January 30, 2010
The Virginia Department of Transportation warns that travel is likely to be hazardous during the snowstorm and urges residents to avoid unnecessary travel today.
Due to the extremely cold temperatures, the snow is accumulating rapidly and will create slick conditions on all roads. If travel is essential, drivers should allow extra time for their trips, reduce their speed and increase following distance from other vehicles.
Crews with VDOT have been working all night preparing for the storm. As the snow begins, crews are treating the roads with sand to improve traction and salt to help melt the snow and prevent it from bonding to the road surface. As the snow accumulates they will begin plowing. VDOT’s crews will focus their snow-removal efforts first on the interstates and primary highways and move to the secondary system as conditions warrant.
Real-time road conditions and weather forecasts are available on VDOT’s traffic and travel Web site, www.511Virginia.org. The site also has live traffic camera images for many major highways, including Interstate 64, I-66 and Routes 29 and 250 in Central Virginia. Motorists can call 511 from any telephone in Virginia for road and traffic conditions on all major highways in the state.
VDOT offers the following tips for driving in winter weather:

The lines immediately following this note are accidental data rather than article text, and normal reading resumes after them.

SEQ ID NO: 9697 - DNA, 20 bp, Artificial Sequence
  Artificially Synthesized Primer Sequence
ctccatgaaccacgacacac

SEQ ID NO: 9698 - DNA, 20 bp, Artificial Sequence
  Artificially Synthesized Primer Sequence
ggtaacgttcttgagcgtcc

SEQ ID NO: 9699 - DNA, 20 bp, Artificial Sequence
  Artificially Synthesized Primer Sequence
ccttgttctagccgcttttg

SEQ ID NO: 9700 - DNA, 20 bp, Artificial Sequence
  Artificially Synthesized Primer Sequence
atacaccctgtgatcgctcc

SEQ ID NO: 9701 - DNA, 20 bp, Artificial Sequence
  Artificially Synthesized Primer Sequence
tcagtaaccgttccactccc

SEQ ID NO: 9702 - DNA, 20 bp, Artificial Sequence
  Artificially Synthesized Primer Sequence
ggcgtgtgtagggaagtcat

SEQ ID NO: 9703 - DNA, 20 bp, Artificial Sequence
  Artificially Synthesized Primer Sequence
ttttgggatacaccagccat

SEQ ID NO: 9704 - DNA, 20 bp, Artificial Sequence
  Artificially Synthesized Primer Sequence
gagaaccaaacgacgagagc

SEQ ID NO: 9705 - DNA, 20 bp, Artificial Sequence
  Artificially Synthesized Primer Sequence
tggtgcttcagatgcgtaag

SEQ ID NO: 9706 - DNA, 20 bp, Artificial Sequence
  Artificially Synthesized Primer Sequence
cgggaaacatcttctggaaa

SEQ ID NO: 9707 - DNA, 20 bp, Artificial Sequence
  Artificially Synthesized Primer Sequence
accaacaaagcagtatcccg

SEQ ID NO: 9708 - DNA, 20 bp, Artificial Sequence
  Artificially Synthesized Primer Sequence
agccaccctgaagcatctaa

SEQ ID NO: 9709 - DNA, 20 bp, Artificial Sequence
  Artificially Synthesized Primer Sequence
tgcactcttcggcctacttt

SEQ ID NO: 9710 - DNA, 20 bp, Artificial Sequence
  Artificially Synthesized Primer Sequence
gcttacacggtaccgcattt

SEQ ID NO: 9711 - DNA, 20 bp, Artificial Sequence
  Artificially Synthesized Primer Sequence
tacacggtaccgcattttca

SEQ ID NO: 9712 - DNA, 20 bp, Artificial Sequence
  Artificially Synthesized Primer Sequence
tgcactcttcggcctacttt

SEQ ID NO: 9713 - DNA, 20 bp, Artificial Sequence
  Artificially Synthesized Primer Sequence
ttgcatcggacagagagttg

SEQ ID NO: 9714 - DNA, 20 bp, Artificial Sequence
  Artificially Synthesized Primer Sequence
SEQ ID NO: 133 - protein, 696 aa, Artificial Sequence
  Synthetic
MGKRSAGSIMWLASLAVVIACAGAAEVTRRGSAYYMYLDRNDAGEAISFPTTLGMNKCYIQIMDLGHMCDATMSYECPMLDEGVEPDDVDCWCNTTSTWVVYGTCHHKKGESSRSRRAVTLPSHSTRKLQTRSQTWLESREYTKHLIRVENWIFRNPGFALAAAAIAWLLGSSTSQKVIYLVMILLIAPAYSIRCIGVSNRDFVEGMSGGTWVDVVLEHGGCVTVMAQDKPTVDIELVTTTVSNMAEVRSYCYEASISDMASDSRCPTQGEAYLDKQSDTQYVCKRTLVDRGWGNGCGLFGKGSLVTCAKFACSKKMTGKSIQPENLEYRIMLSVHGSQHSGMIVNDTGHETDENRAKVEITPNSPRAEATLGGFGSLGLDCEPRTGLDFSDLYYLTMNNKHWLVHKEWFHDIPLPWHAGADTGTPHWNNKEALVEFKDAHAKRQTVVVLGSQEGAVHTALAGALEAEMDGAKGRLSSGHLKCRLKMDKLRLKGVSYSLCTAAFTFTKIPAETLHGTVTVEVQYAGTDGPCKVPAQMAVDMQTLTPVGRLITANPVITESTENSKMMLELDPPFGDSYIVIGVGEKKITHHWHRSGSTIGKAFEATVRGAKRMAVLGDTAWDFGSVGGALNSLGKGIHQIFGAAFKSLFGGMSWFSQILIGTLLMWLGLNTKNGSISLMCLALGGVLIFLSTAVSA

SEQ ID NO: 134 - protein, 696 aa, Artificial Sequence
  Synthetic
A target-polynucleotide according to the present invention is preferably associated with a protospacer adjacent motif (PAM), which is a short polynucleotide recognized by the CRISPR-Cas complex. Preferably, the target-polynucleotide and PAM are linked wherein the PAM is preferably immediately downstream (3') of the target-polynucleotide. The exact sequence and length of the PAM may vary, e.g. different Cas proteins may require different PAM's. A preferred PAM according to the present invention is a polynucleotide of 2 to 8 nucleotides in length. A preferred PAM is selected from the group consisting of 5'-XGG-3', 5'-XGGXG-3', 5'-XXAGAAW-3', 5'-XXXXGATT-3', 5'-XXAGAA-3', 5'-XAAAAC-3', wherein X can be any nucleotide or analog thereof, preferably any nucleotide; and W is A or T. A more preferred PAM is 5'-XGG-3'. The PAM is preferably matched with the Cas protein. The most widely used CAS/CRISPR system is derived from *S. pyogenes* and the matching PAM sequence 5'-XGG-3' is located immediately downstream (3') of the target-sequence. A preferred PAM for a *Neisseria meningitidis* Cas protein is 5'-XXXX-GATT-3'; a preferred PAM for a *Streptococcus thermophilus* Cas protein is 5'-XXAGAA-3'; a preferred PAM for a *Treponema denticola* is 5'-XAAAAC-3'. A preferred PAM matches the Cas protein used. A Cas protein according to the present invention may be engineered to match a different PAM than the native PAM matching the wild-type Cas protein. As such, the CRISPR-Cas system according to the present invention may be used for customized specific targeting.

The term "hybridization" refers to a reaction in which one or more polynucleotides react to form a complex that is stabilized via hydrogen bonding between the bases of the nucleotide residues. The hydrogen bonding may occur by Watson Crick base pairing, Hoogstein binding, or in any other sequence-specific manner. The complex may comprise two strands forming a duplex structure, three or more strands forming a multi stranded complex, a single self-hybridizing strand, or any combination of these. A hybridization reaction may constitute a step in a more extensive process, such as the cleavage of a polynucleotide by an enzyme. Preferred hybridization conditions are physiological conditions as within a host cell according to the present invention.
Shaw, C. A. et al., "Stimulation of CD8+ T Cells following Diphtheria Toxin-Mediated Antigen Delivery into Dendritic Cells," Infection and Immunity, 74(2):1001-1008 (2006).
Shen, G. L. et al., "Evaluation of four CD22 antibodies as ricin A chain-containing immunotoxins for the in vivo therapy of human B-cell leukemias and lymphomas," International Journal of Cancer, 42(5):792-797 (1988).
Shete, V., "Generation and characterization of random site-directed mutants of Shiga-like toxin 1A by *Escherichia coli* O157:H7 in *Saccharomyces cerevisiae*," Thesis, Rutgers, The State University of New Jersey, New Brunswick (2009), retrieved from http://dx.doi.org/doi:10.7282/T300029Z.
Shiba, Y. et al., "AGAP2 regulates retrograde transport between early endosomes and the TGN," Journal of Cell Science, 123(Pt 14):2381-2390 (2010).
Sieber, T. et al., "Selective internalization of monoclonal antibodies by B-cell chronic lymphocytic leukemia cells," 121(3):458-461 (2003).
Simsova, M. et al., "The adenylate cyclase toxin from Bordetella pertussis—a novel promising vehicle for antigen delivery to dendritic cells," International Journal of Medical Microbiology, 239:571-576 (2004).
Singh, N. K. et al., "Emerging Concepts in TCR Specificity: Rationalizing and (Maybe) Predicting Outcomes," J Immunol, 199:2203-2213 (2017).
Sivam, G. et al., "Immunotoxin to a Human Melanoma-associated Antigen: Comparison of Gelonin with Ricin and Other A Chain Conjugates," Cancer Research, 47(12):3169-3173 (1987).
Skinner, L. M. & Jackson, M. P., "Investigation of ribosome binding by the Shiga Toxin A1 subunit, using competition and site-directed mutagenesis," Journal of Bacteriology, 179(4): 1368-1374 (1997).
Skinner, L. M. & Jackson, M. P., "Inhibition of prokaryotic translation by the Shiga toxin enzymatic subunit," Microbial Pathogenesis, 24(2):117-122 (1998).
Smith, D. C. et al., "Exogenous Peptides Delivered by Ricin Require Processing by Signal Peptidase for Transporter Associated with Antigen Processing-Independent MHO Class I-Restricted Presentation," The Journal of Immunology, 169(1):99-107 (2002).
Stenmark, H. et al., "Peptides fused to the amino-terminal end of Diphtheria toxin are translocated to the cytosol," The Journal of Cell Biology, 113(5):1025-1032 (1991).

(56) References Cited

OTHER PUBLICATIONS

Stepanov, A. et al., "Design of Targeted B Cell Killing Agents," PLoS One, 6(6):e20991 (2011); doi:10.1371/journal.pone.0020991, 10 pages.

-- Postpone unnecessary travel until conditions improve. If you must drive, know the current road conditions and weather forecasts.
-- Make sure your windows, mirrors and lights are clear of ice and snow.
-- Always wear your seat belt.
-- Allow extra time to travel to your destination.
-- Be aware of potentially icy areas such as bridges, overpasses and shady spots. Also, if there is heavy snow, ice or high winds, be alert to potential driving hazards including downed branches, trees and electric lines.
-- Reduce speed as appropriate and keep a safe distance of at least five seconds behind other vehicles and snowplows.
-- Do not pass a snowplow unless it is absolutely necessary.
-- Remember, the plow is clearing a path for you.
-- Keep an emergency winter driving kit in your car. The kit should include a small bag of rock salt, sand or cat litter to provide traction in case you get stuck, a snowbrush and ice scraper, a flashlight, battery booster cables, a blanket and extra clothing.
-- Practice common sense. Remember that your car cannot start, stop, or turn as quickly and surely on snow or ice as it does on dry pavement, so think and drive accordingly.
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